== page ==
Hundreds of thousands of American horses are in crisis and millions of people around the world who consume American equine meat risk being exposed to toxic substances that have infiltrated the human food chain.
The American Horse Project is a registered 501(c)3 that was founded to provide an innovative, comprehensive, and solutions-based approach to the protection of American horses, donkeys, mules, and burros (equines) within U.S. borders. Through the latest technological innovations and digital media strategies, we are determined to drive awareness that American equine meat is toxic for human consumption and end the inhumane treatment and slaughter of America’s equine population.
The time to Act is NOW.
- General Awareness, Marketing, public relations, and communication campaigns and education
- Transportation, Support and grow coalition partner, Fleet of Angels™, a network of 10K+ trailer owners who provide transportation and lifesaving assistance for at-risk equines
- Equine-Assisted Activities & Therapies (EAAT) Programs, Autism, Special Needs, Wounded Warriors, and PTSD
- Equine Training & Retraining for Second Careers
- Affordable Gelding & Humane Euthanasia Clinics, Education and Financing
- National Directories, Education and Information Resources for Fostering, Rehoming, Rescuing, Adopting, and Purchasing
American equine meat is highly toxic for human consumption.
Each year approximately 150,000 American horses, ponies, donkeys, mules and burros (equines) are shipped across the borders to Mexico and Canada where they are slaughtered in a brutal process that is egregiously inhumane and their meat (made toxic by previously ingested chemicals) enters into the human food chain. Due to extreme overbreeding, the throw-away mentality of the racing and show horse industries and the desire of many to avoid end of life expenses for aging or infirm animals, horses fall prey to 'America's Dirty Little Secret' and pose a world health issue.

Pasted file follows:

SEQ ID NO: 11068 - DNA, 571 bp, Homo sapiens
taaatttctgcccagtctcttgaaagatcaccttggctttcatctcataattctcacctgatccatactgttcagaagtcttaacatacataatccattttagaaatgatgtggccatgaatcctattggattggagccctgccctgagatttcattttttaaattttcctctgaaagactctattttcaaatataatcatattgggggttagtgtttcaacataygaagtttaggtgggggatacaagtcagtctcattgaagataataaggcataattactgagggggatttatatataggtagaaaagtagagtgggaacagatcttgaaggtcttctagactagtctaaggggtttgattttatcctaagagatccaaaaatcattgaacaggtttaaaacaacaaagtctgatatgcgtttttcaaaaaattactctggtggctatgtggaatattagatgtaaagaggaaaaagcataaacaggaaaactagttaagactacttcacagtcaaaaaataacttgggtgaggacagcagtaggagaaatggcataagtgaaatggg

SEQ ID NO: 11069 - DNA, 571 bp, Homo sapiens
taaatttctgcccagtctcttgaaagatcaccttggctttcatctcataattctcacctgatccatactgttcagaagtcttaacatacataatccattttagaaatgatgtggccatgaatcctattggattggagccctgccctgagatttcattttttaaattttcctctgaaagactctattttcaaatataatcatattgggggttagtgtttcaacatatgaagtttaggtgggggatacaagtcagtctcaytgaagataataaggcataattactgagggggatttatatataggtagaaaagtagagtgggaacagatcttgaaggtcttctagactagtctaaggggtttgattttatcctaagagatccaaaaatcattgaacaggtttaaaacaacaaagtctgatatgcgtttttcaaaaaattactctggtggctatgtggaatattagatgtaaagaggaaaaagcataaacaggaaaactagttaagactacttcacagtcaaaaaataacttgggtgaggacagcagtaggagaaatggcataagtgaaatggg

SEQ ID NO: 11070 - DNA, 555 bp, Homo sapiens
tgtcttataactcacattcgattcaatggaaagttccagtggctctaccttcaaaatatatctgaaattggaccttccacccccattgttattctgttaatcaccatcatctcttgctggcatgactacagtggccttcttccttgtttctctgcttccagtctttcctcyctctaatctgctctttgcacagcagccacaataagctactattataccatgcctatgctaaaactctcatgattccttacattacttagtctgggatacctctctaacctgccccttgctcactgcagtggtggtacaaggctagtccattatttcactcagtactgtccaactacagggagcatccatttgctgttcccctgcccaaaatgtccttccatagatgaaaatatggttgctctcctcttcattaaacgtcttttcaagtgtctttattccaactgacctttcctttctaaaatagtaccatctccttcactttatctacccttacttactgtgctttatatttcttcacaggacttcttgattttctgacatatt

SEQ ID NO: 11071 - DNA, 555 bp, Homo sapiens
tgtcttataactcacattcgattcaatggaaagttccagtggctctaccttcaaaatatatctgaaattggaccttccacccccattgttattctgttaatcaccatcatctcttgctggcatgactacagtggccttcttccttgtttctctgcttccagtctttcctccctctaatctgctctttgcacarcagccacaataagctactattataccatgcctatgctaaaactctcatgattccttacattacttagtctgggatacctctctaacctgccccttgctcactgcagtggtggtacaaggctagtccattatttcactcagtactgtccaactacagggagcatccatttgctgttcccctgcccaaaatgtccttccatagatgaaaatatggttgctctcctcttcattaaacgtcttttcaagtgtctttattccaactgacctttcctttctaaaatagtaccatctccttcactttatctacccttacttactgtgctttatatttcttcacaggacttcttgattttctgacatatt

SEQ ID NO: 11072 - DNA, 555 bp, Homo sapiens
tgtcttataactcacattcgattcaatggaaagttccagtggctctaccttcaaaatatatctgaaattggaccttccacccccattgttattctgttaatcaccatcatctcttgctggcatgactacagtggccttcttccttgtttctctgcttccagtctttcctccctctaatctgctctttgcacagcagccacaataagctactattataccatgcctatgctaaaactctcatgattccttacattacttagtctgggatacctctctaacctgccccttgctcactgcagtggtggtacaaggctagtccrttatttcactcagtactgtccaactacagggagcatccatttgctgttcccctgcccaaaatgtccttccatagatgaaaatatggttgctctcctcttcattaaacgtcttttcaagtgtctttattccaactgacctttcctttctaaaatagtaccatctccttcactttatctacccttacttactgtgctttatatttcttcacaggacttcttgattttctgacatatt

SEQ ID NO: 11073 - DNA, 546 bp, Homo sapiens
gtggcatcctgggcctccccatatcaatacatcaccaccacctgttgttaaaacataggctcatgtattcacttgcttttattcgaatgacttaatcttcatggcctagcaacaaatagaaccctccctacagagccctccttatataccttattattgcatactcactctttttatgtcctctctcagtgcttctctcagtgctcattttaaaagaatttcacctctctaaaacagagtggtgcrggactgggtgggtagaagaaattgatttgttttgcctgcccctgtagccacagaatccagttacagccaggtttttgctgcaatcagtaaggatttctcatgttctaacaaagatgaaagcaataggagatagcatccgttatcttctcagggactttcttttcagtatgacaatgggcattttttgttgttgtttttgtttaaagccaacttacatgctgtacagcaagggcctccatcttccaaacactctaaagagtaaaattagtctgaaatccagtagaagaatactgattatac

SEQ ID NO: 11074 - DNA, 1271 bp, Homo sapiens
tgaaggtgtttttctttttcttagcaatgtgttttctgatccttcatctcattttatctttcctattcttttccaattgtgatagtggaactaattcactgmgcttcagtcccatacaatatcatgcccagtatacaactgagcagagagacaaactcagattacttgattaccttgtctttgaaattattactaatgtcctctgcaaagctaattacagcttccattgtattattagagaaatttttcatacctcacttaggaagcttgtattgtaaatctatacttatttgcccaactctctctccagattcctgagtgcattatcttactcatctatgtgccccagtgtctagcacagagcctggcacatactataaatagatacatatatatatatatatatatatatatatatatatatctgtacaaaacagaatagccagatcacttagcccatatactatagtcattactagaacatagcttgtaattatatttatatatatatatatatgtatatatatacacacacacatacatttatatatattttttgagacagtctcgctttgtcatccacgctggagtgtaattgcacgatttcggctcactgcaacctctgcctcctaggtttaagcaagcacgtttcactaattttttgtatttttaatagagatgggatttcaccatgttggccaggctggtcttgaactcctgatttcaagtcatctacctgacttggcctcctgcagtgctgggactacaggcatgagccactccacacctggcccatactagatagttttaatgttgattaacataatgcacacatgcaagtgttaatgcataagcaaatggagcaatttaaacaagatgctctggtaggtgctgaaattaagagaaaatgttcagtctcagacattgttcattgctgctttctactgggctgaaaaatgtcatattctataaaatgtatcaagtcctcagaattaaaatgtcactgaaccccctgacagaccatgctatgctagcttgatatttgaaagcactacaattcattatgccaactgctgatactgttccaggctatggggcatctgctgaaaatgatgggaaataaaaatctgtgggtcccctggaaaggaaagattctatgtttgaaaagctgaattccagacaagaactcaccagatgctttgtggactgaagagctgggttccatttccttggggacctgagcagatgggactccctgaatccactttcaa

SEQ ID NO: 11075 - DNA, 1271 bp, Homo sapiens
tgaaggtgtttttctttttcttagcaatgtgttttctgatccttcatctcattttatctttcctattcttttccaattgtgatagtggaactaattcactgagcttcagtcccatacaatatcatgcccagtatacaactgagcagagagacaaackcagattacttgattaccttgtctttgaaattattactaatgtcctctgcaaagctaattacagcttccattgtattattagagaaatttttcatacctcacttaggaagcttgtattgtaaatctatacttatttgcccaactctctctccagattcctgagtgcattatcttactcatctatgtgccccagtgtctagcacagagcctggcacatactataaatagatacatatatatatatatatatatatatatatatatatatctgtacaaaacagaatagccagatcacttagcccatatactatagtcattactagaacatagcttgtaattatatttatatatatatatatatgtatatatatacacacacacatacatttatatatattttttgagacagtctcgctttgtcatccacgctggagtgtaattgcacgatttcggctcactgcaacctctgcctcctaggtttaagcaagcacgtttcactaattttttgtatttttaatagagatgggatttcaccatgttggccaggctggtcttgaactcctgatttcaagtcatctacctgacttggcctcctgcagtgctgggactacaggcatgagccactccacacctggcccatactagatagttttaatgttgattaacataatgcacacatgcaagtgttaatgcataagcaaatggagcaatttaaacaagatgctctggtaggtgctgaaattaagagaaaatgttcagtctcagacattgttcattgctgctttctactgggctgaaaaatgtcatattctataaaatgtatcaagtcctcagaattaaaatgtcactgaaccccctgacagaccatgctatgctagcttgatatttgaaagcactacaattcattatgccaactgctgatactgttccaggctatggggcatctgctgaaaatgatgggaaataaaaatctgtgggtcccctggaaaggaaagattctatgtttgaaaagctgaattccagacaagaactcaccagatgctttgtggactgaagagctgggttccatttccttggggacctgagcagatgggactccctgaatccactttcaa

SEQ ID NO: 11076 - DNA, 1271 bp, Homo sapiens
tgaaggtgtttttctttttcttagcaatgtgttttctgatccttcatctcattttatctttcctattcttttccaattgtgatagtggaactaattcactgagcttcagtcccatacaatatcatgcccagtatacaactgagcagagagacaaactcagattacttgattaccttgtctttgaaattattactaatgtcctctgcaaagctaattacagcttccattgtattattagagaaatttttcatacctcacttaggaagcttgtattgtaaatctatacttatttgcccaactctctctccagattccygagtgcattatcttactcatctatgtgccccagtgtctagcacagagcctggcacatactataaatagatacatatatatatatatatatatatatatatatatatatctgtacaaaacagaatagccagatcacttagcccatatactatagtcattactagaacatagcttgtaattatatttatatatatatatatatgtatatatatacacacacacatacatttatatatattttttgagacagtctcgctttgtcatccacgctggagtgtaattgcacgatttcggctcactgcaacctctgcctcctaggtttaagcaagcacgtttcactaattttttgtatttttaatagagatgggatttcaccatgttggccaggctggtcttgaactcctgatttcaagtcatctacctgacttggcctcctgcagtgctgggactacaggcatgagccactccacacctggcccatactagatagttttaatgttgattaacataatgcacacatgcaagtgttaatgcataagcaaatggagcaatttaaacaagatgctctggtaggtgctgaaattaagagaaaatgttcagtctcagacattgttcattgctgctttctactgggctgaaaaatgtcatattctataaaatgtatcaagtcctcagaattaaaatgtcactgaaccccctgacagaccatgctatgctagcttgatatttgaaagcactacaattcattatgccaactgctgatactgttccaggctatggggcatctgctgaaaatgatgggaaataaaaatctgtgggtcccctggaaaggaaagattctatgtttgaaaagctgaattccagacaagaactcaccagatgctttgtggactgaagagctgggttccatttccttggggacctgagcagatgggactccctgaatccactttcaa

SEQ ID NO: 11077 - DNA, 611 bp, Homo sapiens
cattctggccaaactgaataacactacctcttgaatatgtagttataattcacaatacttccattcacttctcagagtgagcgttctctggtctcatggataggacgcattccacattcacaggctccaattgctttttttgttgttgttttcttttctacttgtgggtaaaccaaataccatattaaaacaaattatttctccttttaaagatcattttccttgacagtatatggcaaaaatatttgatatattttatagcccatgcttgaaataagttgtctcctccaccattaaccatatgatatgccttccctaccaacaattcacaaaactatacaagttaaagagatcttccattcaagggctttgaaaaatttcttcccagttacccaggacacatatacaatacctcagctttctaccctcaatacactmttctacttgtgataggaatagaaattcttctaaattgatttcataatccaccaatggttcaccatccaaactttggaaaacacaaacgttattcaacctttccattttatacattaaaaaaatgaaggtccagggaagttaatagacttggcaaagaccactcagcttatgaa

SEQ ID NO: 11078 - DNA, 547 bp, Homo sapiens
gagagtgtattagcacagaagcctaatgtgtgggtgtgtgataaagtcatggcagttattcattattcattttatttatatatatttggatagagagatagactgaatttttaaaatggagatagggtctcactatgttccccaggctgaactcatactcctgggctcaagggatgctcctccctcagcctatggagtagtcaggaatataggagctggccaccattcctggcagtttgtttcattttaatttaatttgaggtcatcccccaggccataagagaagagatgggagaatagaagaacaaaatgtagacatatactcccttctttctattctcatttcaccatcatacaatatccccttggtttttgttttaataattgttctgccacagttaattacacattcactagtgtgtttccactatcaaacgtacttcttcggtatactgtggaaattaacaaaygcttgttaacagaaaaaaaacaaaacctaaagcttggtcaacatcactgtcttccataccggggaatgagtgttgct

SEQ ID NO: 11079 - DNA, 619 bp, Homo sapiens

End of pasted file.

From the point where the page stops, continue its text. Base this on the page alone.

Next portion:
There are more than thirty-two countries that eat horse meat with the majority of consumers in Italy, France, Switzerland, and Belgium. Japan is the only country that imports live shipments of draft horses from Canada (stuffed into small containers without food, water, and movement during the flight which is approximately 16-18+ hours) for consumption of (basashi or sakura niku) raw horse meat.
American equines are not raised to be eaten. More than 110 medications are given to horses over their lifetimes that the USDA and European Union deem illegal to administer to animals raised for human consumption. Therefore, it is unethical to allow their toxic meat (which equals approximately 90,000 tons, yearly) into the human food chain. Now, more than ever this is critical because our food is no longer being labeled with a country of origin. In addition, there are no regulations that require the sharing of information about substances previously ingested by a horse up for auction (where horses are often purchased by “Kill” Buyers with the intent on sending them to slaughter).
Currently, the Safeguard American Foods Act (H.R. 113), a bipartisan legislation that would amend the Federal Food, Drug and Cosmetic Act is up for vote in Congress. This Act would ban the knowing sale or transport of equines and equine parts in interstate or foreign commerce for the purpose of human consumption. The ban is based on the use of unsafe additives and drugs for humans in equine health regimes.
The American Horse Project (AHP) and its coalition partners have identified strategic programs and services that are needed to aid at-risk equines and the people who eat their meat. These programs include an international general awareness campaign, transportation and disaster evacuation services, rehoming, retraining, and equine-assisted activities and therapies (EAAT) programs. In addition, a comprehensive directory of equine rescues and their adoptable equines, a directory of at-risk equines (priced at $1k or less) available through multiple sources, and establishing a network of euthanasia and gelding clinics to assist in those much-needed services are in development.
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